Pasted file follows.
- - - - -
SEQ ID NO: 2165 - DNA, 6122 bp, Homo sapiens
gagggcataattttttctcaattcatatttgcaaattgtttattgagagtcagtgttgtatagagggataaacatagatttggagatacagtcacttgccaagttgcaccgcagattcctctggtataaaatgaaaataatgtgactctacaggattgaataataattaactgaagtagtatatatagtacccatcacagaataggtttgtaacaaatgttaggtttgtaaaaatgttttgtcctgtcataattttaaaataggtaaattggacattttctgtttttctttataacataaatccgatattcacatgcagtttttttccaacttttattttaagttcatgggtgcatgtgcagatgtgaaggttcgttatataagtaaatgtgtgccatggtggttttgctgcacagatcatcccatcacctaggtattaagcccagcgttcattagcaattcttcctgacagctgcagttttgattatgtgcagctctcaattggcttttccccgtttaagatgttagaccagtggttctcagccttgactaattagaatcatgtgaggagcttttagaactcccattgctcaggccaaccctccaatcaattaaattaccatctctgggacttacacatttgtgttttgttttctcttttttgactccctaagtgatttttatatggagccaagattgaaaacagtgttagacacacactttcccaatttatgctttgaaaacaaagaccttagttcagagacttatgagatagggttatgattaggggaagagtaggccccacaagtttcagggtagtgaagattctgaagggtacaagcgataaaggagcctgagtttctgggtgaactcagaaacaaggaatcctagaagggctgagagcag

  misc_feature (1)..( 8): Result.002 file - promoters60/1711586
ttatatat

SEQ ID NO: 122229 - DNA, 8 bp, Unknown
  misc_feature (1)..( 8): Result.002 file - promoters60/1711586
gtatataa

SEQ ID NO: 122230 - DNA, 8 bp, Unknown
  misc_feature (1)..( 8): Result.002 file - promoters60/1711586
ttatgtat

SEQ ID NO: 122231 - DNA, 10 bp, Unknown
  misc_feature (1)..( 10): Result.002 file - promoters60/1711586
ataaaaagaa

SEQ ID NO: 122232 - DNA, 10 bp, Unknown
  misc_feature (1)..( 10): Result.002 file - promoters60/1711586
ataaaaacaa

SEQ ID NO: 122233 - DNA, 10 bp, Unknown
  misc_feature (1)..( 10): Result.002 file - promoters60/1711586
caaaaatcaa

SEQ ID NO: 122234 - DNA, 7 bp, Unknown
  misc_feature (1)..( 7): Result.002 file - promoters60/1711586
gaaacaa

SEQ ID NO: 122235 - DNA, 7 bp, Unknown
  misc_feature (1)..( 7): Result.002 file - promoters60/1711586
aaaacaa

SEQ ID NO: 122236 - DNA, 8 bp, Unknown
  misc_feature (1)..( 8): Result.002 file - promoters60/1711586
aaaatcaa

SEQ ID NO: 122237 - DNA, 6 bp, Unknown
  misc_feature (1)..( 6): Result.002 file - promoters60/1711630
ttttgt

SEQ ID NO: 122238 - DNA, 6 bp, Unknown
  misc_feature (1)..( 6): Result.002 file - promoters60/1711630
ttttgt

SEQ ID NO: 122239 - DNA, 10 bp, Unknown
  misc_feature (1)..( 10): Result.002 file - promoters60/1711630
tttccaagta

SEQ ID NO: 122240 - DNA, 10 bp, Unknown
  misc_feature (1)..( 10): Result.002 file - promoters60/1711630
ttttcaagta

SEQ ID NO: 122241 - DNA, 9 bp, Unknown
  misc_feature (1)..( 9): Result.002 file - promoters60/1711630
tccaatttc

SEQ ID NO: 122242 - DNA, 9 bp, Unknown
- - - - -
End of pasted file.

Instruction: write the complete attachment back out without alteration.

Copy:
SEQ ID NO: 2165 - DNA, 6122 bp, Homo sapiens
gagggcataattttttctcaattcatatttgcaaattgtttattgagagtcagtgttgtatagagggataaacatagatttggagatacagtcacttgccaagttgcaccgcagattcctctggtataaaatgaaaataatgtgactctacaggattgaataataattaactgaagtagtatatatagtacccatcacagaataggtttgtaacaaatgttaggtttgtaaaaatgttttgtcctgtcataattttaaaataggtaaattggacattttctgtttttctttataacataaatccgatattcacatgcagtttttttccaacttttattttaagttcatgggtgcatgtgcagatgtgaaggttcgttatataagtaaatgtgtgccatggtggttttgctgcacagatcatcccatcacctaggtattaagcccagcgttcattagcaattcttcctgacagctgcagttttgattatgtgcagctctcaattggcttttccccgtttaagatgttagaccagtggttctcagccttgactaattagaatcatgtgaggagcttttagaactcccattgctcaggccaaccctccaatcaattaaattaccatctctgggacttacacatttgtgttttgttttctcttttttgactccctaagtgatttttatatggagccaagattgaaaacagtgttagacacacactttcccaatttatgctttgaaaacaaagaccttagttcagagacttatgagatagggttatgattaggggaagagtaggccccacaagtttcagggtagtgaagattctgaagggtacaagcgataaaggagcctgagtttctgggtgaactcagaaacaaggaatcctagaagggctgagagcag

  misc_feature (1)..( 8): Result.002 file - promoters60/1711586
ttatatat

SEQ ID NO: 122229 - DNA, 8 bp, Unknown
  misc_feature (1)..( 8): Result.002 file - promoters60/1711586
gtatataa

SEQ ID NO: 122230 - DNA, 8 bp, Unknown
  misc_feature (1)..( 8): Result.002 file - promoters60/1711586
ttatgtat

SEQ ID NO: 122231 - DNA, 10 bp, Unknown
  misc_feature (1)..( 10): Result.002 file - promoters60/1711586
ataaaaagaa

SEQ ID NO: 122232 - DNA, 10 bp, Unknown
  misc_feature (1)..( 10): Result.002 file - promoters60/1711586
ataaaaacaa

SEQ ID NO: 122233 - DNA, 10 bp, Unknown
  misc_feature (1)..( 10): Result.002 file - promoters60/1711586
caaaaatcaa

SEQ ID NO: 122234 - DNA, 7 bp, Unknown
  misc_feature (1)..( 7): Result.002 file - promoters60/1711586
gaaacaa

SEQ ID NO: 122235 - DNA, 7 bp, Unknown
  misc_feature (1)..( 7): Result.002 file - promoters60/1711586
aaaacaa

SEQ ID NO: 122236 - DNA, 8 bp, Unknown
  misc_feature (1)..( 8): Result.002 file - promoters60/1711586
aaaatcaa

SEQ ID NO: 122237 - DNA, 6 bp, Unknown
  misc_feature (1)..( 6): Result.002 file - promoters60/1711630
ttttgt

SEQ ID NO: 122238 - DNA, 6 bp, Unknown
  misc_feature (1)..( 6): Result.002 file - promoters60/1711630
ttttgt

SEQ ID NO: 122239 - DNA, 10 bp, Unknown
  misc_feature (1)..( 10): Result.002 file - promoters60/1711630
tttccaagta

SEQ ID NO: 122240 - DNA, 10 bp, Unknown
  misc_feature (1)..( 10): Result.002 file - promoters60/1711630
ttttcaagta

SEQ ID NO: 122241 - DNA, 9 bp, Unknown
  misc_feature (1)..( 9): Result.002 file - promoters60/1711630
tccaatttc

SEQ ID NO: 122242 - DNA, 9 bp, Unknown